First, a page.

Approaches to coaching and mentoring
Directive mentoring and coaching
A directive approach involves a transfer of wisdom, where the mentor or coach provides advice or direction, probably based on their experience and expertise. This is a widely-recognised, fairly traditional approach.
- mentee benefits from shared experience
- mentee benefits from mentors' hindsight
- mentee can be given a solution
- mentor feels rewarded by sharing wisdom.
Disadvantages of directive approach:
- mentee has less ownership of outcomes
- mentee may be less committed to action
- the solution might not be ‘right'.
Non-directive mentoring and coaching
A non-directive approach allows the recipient to formulate their own solutions and actions as a result of skilled listening and questioning from the mentor or coach.
Advantages of non-directive approach for the mentor or coach:
- mentor/coach does not need to be an expert in the field
- mentor/coach is open-minded and asks open questions
- mentee/coachee has ownership of the solution
- mentee/coachee has greater commitment to action
- the solution is more likely to be ‘right'.
Disadvantages could be:
- longer time to reach an outcome
- missed opportunity to benefit from another's experience
- mentee/coachee may simply want to be given the answer.
A balance between these two extremes is likely to be the best. The balance will shift depending on the issue and the experience of the mentor or coach and the mentee or coachee, as illustrated by case study examples of non-directive and directive approaches [PDF].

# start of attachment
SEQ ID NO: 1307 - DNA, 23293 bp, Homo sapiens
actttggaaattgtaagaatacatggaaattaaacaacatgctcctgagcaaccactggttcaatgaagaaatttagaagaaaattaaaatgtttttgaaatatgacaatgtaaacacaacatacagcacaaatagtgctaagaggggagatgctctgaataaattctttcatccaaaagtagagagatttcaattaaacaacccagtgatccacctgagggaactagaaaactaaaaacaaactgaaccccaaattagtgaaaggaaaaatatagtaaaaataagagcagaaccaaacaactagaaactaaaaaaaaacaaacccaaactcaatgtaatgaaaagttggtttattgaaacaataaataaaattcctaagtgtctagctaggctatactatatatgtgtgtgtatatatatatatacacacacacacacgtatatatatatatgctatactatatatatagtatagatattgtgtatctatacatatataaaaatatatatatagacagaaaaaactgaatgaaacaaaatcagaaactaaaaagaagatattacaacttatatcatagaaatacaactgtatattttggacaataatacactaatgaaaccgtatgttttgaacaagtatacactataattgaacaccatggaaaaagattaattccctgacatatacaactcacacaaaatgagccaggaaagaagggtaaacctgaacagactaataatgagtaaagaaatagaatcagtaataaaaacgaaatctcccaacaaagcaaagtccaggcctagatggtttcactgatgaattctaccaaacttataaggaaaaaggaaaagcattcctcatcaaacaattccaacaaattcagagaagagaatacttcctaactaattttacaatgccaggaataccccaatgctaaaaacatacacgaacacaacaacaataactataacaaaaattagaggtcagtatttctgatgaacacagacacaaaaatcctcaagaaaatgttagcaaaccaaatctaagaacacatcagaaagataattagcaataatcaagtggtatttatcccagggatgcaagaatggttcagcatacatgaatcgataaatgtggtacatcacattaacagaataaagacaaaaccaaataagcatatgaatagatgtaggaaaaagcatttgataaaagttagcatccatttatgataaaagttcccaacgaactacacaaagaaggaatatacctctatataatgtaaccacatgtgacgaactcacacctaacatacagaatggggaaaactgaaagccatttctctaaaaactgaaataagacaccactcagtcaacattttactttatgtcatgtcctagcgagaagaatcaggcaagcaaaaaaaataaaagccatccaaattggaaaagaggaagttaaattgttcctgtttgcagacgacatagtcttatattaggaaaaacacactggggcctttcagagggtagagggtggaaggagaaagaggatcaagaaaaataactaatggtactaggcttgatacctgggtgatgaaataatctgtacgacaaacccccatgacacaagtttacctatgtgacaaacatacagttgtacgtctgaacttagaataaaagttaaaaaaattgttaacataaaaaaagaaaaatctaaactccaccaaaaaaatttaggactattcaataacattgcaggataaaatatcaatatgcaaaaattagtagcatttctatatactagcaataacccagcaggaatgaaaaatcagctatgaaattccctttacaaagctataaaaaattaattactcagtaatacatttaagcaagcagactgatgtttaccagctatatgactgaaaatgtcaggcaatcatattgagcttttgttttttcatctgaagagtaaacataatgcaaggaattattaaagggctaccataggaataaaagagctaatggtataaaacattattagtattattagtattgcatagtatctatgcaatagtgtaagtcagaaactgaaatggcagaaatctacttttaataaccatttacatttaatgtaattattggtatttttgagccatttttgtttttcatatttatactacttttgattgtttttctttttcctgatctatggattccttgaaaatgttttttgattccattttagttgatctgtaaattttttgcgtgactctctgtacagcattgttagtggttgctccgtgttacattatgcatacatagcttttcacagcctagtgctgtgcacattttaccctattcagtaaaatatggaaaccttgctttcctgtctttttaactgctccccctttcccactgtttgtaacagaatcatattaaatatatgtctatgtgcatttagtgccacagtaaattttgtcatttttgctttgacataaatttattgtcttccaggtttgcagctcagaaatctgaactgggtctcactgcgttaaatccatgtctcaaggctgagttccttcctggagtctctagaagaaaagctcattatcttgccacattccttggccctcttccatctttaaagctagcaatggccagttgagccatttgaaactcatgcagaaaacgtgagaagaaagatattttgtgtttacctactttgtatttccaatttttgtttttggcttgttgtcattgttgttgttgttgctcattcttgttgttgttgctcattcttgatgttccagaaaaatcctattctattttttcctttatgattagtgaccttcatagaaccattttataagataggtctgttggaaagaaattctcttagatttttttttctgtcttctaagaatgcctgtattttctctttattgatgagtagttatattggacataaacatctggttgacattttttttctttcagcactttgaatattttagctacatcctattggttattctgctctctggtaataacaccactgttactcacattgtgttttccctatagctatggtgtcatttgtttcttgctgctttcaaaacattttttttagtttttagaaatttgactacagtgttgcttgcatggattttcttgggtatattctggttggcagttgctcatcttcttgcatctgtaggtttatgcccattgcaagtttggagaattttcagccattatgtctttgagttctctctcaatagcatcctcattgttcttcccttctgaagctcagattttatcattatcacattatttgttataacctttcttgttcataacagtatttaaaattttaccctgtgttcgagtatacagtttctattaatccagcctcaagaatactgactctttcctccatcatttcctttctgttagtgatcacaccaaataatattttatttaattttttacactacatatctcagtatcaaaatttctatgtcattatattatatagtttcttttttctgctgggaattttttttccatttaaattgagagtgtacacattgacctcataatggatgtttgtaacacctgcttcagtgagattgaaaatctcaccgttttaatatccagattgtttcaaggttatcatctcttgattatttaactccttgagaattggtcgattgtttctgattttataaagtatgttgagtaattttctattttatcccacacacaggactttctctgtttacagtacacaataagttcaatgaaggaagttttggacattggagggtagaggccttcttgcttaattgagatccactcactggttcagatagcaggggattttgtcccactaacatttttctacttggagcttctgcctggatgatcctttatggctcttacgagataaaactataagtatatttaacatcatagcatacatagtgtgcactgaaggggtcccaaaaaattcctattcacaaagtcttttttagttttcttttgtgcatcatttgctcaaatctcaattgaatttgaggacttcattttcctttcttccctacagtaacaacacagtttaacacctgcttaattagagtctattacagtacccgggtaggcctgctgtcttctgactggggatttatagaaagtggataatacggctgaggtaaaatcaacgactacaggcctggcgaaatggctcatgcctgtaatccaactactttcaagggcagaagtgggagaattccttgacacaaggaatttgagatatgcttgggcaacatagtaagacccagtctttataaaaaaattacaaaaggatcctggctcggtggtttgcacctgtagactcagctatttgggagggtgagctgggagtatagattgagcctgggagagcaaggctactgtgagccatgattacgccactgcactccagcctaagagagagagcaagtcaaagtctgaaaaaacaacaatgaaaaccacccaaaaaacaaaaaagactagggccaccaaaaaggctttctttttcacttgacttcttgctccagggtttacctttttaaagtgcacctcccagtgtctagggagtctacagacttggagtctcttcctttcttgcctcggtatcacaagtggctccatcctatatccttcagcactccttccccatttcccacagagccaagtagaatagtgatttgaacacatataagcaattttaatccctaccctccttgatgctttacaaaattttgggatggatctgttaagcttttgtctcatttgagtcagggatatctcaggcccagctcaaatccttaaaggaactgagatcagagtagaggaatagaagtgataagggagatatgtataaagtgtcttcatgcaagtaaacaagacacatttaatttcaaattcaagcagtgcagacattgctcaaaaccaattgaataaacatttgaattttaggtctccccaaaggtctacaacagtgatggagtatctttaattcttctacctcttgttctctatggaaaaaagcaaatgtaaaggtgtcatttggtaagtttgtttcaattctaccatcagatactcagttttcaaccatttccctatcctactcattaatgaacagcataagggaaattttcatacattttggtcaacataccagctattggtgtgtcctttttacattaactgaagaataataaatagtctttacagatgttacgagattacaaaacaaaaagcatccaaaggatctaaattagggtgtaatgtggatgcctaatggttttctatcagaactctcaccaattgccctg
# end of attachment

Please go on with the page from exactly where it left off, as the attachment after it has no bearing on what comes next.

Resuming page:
Either of these approaches could be adopted in a formal or informal context.
Formal and informal contexts
Many universities have formal schemes for mentoring researchers, typically involving some of the following:
- training to prepare mentors and mentees
- matching of pairs according to their needs, skills and experience
- encouraging agreement of ground rules and boundaries
- providing third party support
- offering a framework for a learning contract
- agreeing levels of confidentiality.
There is evidence that matching mentors to mentees increases the success of mentoring, and tends to work best if the mentor is external or in a different department to the mentee, to avoid a conflict of interest.
Mentoring or coaching in an informal context is also common, e.g. a researcher could approach a more experienced researcher or their PI for advice or support. There may be no formal ground rules or boundaries, although it is likely that confidentiality will be expected, and some shared sense of the purpose of the relationship. The mentoring or coaching could be short or long-term and might involve:
- support in developing confidence with an area of work
- learning a new skill
- making useful connections and expanding networks
- discussing career direction.
You may also be interested in pages on mentoring and coaching skills.